Monday, 4 January 2016
Blu-ray Review: What Have You Done To Solange? (Arrow Video)
There's a lot to enthuse over with regard to this 1972 giallo gem. So much so, that it's hard to know where to begin.
Let's start with the character of Herta Rosseni, played by Karin Baal.
For the first half of the film, Herta - a teacher at London's St Mary's College For Girls - comes over as a dowdy, ice-cold wife who suspects husband Enrico (Fabio Testi) is having an affair. After her suspicions are confirmed, Herta is transformed into a radiant spouse who not only stands by her man, but joins him in the search for a sadistic killer who preys on targets from St Mary's. Enrico, also a teacher at the school, was having an affair with a girl named Elizabeth (Christine Galbo) and their clandestine meeting on a boat is uncovered by Inspector Barth of Scotland Yard, played by Joachim Fuchsberger.
As the girl attempts to recall missing details, Enrico fights to save his marriage and his reputation while the murders continue.
The theme of incomplete memory, where the whole picture is tantalisingly out of reach, has figured in many gialli - witness the big hitters from Dario Argento - and a black-gloved killer who constructs a string of gruesome murders is front and centre here as we join up the dots en route to his/her identity.
The bloody aftermath of the slayings will doubtless remain in your memory long after the haunting, thought-provoking final frame, frozen for all time, and there's also a very disturbing scene involving the titular character (played by Camille Keaton) who eventually arrives on the screen with a tragic back story.
It's stood the test of time so very well, set to a striking score from Ennio Morricone and blessed with fluid photography by Aristide Massaccesi. Director Massimo Dallamano's 'schoolgirls in peril' giallo can now be savoured by a new generation of admirers, thanks to Arrow Video's Blu-ray presentation.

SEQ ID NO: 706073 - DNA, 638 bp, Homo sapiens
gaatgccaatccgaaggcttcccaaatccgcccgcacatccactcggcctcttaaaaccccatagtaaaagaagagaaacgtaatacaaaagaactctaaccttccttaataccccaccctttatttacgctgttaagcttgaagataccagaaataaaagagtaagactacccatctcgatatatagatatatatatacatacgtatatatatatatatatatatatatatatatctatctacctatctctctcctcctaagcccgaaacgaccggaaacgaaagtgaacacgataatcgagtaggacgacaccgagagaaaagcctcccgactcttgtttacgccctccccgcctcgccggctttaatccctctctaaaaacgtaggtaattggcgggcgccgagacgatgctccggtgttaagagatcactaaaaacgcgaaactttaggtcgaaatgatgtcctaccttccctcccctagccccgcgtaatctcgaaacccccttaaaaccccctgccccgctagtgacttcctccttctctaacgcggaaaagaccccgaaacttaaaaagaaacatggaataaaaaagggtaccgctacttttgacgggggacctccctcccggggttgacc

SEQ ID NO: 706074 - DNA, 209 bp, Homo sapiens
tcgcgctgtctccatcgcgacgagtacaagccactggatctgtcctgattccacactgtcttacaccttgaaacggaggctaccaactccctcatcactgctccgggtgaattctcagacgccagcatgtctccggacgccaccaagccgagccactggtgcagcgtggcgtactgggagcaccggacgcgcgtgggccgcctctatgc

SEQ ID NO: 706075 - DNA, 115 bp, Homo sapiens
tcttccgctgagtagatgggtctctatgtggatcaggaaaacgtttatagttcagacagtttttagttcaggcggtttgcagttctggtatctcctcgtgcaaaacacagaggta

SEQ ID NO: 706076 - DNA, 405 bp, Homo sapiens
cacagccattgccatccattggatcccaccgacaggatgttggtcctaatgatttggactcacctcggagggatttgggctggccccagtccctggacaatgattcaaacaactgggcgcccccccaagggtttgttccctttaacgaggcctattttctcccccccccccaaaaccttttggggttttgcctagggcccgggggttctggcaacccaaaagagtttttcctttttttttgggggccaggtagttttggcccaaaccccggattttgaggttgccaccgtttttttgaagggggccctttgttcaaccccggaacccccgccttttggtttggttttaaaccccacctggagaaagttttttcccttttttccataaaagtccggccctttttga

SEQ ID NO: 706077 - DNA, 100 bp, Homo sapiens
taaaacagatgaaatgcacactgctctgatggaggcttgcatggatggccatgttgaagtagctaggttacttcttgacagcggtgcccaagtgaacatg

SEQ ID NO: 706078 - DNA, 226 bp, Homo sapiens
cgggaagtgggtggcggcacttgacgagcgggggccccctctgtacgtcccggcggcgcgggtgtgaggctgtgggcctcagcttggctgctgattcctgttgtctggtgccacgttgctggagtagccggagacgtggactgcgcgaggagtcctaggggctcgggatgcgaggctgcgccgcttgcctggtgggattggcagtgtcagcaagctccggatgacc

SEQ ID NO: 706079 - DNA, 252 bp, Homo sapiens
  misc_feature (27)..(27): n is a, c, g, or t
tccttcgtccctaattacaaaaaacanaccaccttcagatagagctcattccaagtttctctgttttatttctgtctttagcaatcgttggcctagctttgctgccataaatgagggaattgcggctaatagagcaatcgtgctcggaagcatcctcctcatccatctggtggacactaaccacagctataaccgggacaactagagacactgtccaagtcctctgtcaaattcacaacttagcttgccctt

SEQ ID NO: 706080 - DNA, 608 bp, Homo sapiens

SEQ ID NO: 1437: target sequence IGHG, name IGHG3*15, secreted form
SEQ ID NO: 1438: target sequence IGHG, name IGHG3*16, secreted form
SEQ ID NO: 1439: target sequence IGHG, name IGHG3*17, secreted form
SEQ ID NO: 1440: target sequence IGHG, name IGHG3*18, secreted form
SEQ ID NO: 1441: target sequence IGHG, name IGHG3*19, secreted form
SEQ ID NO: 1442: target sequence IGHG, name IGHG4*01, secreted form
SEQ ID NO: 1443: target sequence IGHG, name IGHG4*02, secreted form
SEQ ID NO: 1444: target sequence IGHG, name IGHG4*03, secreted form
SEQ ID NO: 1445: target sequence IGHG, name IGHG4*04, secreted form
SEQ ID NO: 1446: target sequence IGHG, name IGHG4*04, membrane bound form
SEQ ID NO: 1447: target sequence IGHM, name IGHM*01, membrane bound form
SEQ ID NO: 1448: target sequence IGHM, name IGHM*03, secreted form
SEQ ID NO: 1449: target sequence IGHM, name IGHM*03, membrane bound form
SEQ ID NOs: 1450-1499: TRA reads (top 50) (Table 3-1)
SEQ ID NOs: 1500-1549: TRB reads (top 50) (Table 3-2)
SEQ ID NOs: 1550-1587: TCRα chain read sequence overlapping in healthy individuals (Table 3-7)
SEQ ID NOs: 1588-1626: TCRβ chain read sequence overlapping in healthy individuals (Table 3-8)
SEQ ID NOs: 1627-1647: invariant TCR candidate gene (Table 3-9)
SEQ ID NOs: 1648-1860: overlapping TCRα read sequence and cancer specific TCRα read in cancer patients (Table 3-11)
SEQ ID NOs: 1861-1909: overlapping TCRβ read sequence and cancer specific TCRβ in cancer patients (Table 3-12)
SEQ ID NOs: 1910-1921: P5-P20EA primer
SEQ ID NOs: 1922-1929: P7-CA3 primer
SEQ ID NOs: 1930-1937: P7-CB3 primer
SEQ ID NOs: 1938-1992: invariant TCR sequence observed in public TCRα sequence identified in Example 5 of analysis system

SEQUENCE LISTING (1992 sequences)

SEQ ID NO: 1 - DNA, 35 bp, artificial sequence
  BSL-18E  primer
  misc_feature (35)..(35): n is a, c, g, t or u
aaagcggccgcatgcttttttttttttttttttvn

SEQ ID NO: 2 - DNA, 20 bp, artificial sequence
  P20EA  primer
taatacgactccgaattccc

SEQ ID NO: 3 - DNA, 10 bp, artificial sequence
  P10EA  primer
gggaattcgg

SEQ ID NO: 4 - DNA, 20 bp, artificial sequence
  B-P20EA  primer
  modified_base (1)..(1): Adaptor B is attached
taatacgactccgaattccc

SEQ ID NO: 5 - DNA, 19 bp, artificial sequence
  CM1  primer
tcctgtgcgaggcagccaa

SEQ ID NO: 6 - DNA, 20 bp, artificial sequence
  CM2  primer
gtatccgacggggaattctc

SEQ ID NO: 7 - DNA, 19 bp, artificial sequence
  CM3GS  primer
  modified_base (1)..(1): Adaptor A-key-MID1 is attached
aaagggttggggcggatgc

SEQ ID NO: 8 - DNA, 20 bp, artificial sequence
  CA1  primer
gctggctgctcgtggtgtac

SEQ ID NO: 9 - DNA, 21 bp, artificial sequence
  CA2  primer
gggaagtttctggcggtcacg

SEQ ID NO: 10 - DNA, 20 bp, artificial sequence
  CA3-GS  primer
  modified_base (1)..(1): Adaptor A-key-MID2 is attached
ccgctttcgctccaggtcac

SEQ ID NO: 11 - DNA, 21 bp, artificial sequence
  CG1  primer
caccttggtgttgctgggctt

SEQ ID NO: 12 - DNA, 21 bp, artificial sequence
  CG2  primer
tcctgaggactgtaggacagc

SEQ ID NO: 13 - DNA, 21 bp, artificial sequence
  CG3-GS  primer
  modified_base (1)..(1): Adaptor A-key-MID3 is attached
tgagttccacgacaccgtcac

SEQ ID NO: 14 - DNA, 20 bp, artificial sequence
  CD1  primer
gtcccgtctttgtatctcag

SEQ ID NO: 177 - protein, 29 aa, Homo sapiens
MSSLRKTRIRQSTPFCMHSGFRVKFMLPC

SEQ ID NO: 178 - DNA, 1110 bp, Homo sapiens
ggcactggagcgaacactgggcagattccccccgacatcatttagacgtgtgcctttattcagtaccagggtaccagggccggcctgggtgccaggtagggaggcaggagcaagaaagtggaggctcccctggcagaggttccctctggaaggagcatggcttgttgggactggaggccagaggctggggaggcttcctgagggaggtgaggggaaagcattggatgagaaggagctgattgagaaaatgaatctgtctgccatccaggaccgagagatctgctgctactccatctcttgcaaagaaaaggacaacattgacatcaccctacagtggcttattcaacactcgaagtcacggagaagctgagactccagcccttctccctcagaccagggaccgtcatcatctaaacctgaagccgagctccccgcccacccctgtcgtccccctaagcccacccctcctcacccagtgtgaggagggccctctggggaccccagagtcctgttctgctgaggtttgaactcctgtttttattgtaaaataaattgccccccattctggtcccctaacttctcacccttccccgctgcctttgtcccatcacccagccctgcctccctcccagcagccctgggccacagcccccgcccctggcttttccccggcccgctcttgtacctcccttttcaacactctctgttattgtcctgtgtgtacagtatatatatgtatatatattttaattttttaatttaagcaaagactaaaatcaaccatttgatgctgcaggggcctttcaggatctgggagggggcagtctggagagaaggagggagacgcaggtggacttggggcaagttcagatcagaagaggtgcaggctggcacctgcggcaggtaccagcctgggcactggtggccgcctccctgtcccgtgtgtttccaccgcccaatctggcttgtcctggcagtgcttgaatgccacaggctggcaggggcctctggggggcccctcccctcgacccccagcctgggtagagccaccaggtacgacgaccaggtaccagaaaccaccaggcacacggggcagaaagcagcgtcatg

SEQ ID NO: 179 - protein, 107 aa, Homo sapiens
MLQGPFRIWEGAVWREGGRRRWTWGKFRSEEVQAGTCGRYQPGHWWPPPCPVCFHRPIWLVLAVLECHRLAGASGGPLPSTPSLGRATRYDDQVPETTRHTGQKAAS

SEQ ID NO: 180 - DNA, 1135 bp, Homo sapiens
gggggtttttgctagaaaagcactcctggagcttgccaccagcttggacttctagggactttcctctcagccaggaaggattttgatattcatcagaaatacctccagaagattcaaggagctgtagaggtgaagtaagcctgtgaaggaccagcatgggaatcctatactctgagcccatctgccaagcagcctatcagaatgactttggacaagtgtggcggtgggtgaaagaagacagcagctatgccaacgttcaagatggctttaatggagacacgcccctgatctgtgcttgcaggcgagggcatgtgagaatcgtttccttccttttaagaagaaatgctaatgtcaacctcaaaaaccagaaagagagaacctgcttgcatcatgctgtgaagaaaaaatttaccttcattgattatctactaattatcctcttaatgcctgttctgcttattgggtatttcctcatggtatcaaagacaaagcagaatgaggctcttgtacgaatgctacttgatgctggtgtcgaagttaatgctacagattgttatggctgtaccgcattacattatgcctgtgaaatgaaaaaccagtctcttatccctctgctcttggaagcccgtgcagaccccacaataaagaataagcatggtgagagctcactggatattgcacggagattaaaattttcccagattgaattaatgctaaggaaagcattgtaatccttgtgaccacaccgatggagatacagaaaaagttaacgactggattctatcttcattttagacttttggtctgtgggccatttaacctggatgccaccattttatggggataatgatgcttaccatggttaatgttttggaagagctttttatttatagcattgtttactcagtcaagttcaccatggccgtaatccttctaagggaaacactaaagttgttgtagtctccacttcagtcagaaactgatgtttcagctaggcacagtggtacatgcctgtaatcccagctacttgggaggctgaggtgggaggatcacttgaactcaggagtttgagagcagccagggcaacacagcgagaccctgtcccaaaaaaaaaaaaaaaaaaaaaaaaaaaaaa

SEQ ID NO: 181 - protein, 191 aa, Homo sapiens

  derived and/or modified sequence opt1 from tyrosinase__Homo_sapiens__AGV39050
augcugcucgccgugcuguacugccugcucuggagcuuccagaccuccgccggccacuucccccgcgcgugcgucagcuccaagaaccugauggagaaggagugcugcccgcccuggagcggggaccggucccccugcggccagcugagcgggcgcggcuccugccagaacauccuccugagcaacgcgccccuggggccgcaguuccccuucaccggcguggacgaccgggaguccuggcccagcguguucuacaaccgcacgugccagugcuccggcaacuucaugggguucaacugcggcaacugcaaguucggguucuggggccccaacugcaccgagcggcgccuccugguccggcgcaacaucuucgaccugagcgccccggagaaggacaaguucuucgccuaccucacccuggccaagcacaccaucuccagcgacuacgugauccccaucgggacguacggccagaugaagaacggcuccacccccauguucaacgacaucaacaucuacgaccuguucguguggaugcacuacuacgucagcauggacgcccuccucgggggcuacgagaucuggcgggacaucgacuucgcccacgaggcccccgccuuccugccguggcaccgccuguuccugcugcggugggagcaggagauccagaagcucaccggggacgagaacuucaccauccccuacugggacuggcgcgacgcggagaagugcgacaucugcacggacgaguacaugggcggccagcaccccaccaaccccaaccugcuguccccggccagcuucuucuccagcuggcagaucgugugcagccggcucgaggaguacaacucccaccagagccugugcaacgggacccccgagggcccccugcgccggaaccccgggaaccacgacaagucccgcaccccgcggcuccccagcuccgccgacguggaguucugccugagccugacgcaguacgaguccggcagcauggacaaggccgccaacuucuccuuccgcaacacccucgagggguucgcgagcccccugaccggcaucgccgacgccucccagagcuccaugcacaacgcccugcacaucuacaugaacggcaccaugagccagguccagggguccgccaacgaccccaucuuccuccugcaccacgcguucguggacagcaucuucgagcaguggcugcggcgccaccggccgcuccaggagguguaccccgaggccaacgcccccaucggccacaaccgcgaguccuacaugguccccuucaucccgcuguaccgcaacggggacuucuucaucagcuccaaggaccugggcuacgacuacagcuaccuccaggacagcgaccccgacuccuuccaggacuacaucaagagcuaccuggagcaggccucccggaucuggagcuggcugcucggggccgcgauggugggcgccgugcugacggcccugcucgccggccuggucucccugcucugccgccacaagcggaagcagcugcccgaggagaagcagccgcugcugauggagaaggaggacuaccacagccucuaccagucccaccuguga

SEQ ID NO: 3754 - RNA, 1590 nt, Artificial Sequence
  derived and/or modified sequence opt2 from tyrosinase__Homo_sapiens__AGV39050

The film can be viewed with Italian or English on-screen titles and audio. Subtitles and audio can be independently configured via the setup menu.
Image quality is excellent,courtesy of a brand new 2K resoration of the film from the priginal negative.
The commentary track on the impressive list of extras may well be your first port of call.
This is another informative and entertaining outing for the winning team of Alan Jones and Kim Newman who hold forth on the cast, locations, production history and themes contained in the film.
We hear about Dallamano's skewed visions of London; the composition of the widescreen photography; Robertson's Jam; symbolic art direction; Edgar Wallace titles; the rather odd ending and the idea of a giallo walking tour of London!
Always a real pleasure to listen to this pair.
"What Have You Done To Decency?"
A 13m 38s interview with Karin Baal, which took place in Berlin in October 2015.
Karin discusses her love scene with Testi; Camille Keaton's bad experience during filming and her own opinions and verdict on the film as a whole. You may be surprised by some of the things Karin has to say.
"First Action Hero" (21m 17s)
Filmed in Rome in 2006, this is a fascinating interview with Fabio Testi, who discusses his 8 years as a stuntman and his subsequent elevation into the world of straight acting. He talks about Enzo Castellari, Lucio Fulci and Dallamano, who he remembers as a highly skilled director who ran a well organised shoot.
Testi also talks about his varied roles, explaining he liked to mix things up to avoid being pigeon-holed.
"Old School Producer" (11m 2s)
Also filmed in Rome in 2006, this is an interview with Fulvio Lucisano who talks about Massaccesi's photography and Dallamno's career.
"Innocence Lost" (29m)
Another informative video essay from Michael Mackenzie, who uses video clips from Solange and its two semi-sequels, together with footage from "Don't Torture A Duckling" and "Who Saw Her Die?".
He discusses child gialli and observes the themes presented in the aforementioned films.
Sterling work from a true expert in the field.
The disc is rounded off with a 3m 5s trailer, and the extras conclude with a booklet which contains an article on the giallo scores of Morricone by Howard Hughes; a Cammile Keaton career retrospective by Art Ettinger and original archive stills and posters.
Arrow's disc is regions A/B and comes highly recommended.